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Cockson Wins Industry Award for Floriculture Research

Paul Cockson, master's student in horticultural science
Paul Cockson, a master’s student in Horticultural Science, seen leaning against a palm tree on a recent family vacation in Duck Key, FL.

Paul Cockson, a master’s student in Horticultural Science, was recently awarded the 2019 Altman Family Scholarship from the American Floral Endowment (AFE). This year’s scholarship efforts focused on three graduate students at leading institutions who are actively engaged in meaningful research, are excellent with communication, and possess qualities of leadership and commitment to the industry.

Beginnings as a Plant Science Researcher

Before enrolling as a graduate student or even as an NC State undergraduate, Paul worked a summer internship project relating to tobacco nutrient disorders. This internship turned into two-years of undergraduate research. Ultimately, the project was amazingly productive, resulting in:

  • Five articles in peer-reviewed journals
  • Two awards for Paul’s work at national and international conferences
  • Four popular press magazine articles
  • Over 20 NC State Extension publications

Local and International Outreach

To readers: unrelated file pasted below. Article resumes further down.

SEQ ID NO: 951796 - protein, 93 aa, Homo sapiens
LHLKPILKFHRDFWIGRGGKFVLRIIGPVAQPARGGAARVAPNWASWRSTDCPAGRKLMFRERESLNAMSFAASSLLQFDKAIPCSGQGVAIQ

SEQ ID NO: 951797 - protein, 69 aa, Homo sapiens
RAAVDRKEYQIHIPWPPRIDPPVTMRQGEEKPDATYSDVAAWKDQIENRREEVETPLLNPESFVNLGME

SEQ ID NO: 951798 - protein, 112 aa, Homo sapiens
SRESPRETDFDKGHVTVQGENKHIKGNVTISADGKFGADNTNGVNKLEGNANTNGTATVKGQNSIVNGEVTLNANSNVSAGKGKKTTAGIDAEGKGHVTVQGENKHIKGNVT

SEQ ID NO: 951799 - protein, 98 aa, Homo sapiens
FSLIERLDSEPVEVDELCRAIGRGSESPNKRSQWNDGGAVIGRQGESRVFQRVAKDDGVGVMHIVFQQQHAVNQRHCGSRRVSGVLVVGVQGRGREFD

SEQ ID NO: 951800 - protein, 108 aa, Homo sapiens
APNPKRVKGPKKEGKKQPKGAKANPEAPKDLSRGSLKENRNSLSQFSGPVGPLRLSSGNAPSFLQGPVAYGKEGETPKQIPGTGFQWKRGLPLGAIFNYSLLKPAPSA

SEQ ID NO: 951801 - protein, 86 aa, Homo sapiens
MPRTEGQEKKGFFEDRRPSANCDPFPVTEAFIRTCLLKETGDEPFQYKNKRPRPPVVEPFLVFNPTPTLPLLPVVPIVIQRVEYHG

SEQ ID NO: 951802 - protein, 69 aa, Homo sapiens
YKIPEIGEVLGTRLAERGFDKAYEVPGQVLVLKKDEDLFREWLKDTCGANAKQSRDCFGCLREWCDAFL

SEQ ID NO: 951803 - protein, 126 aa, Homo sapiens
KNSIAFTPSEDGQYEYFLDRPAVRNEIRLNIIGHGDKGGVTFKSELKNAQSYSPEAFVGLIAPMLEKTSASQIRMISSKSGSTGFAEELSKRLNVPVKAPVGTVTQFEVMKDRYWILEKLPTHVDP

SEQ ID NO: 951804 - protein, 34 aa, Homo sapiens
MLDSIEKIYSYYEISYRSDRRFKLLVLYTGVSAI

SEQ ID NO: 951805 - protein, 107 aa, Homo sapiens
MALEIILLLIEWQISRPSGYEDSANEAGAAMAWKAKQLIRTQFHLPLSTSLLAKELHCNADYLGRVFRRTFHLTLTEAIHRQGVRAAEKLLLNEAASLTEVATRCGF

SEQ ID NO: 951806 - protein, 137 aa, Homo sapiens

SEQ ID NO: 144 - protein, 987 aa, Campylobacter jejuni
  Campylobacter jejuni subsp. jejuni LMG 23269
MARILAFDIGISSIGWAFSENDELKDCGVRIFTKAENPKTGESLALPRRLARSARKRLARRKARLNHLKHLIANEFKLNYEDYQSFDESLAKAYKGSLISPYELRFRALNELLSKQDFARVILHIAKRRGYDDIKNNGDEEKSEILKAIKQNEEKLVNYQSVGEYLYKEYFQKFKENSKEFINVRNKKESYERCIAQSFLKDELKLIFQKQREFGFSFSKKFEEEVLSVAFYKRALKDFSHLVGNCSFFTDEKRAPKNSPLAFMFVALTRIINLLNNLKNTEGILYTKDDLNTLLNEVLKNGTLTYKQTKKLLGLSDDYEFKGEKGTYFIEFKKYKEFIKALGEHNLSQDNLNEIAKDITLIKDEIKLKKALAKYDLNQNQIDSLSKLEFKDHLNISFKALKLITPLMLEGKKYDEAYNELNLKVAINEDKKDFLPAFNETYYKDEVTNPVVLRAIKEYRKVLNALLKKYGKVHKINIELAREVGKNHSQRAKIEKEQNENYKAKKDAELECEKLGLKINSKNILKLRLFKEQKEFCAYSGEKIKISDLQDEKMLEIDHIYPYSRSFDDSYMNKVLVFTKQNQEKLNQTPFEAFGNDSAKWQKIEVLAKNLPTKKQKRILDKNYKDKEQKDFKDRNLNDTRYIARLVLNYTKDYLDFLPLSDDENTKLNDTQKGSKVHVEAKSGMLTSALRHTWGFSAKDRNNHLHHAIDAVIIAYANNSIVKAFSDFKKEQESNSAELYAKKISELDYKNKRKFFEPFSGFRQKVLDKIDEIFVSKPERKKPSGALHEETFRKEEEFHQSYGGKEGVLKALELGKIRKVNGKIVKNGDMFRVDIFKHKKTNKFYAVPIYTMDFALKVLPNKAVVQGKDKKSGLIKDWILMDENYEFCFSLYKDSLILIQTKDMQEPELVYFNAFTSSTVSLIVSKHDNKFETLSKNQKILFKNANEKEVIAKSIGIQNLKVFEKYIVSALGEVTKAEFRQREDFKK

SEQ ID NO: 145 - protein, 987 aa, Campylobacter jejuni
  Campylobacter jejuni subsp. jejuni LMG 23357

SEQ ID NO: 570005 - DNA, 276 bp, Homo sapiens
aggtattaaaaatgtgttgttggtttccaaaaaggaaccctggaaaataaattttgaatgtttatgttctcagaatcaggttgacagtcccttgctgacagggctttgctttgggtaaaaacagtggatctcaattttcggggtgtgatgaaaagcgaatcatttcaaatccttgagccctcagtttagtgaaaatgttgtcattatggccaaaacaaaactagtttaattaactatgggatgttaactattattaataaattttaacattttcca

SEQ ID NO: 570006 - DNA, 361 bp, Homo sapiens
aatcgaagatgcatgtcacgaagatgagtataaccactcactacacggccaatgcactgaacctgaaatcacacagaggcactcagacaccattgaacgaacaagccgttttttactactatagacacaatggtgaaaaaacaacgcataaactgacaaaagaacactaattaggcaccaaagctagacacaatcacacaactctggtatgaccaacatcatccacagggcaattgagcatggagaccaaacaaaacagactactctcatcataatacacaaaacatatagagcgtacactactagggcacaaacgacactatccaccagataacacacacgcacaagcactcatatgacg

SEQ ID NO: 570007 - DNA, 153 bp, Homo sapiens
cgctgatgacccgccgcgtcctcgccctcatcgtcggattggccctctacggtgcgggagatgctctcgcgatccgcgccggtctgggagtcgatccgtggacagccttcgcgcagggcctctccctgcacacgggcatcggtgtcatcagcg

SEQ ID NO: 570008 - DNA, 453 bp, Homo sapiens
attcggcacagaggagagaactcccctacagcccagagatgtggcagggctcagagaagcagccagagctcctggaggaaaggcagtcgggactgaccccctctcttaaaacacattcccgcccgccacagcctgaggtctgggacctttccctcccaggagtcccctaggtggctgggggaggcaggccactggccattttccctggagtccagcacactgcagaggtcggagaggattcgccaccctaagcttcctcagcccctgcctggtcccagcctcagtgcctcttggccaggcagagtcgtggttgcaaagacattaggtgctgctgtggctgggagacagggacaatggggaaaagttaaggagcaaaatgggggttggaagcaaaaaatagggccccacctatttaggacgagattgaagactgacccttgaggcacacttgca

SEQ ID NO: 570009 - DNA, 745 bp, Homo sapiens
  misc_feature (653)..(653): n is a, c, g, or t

In addition to successfully managing his academic career, Paul has also made his volunteer and outreach activities a big part of his college experience.  As a community garden coordinator for a YMCA youth program and then developing and teaching a compost program at a second-chance school for youth on academic probation. Paul has even traveled to a remote China province, where he helped impoverished villagers extend their growing season by building a simple greenhouse. Cockson’s international efforts enabled the village growers to develop their own local vegetable market.

A Horticulturalist Inspiration

A lab tour of University of Florida greenhouses was Paul Cockson’s inspiration. During the tour, he recognized an opportunity to bridge the gap between plant nutrition data and the growers of young goji plants, which some people consider a “superfruit.” Goji’s are a relatively new woody shrub species with flexible long canes, clusters of small, grey-green foliage, and juicy, bright red teardrop berries.

International Plant Science Solutions

After conceiving goji plant nutrition experiments to fill the gap with growers, Paul earned a Young Minds Award by presenting his findings at the International Horticultural Congress. He then took the lead in publishing a GrowerTalks goji production guide and is developing a free e-book on the same subject.

Floriculture Research

Currently Paul’s research is focused on succulents, the market’s trendiest and most in-demand product. That project has the potential to impact the floral industry. By using plant growth regulators, he hopes to reduce time for a pot to fill out and to enhance the production of new shoots in different species. In an upcoming research project, Paul is working with an undergraduate protege, Gabby Barajas, to grow poinsettia cultivars from various seed producers and gather useful market data by asking members of the public to survey and rate the poinsettias.

Originally published by AFE, written by Bruce Wright: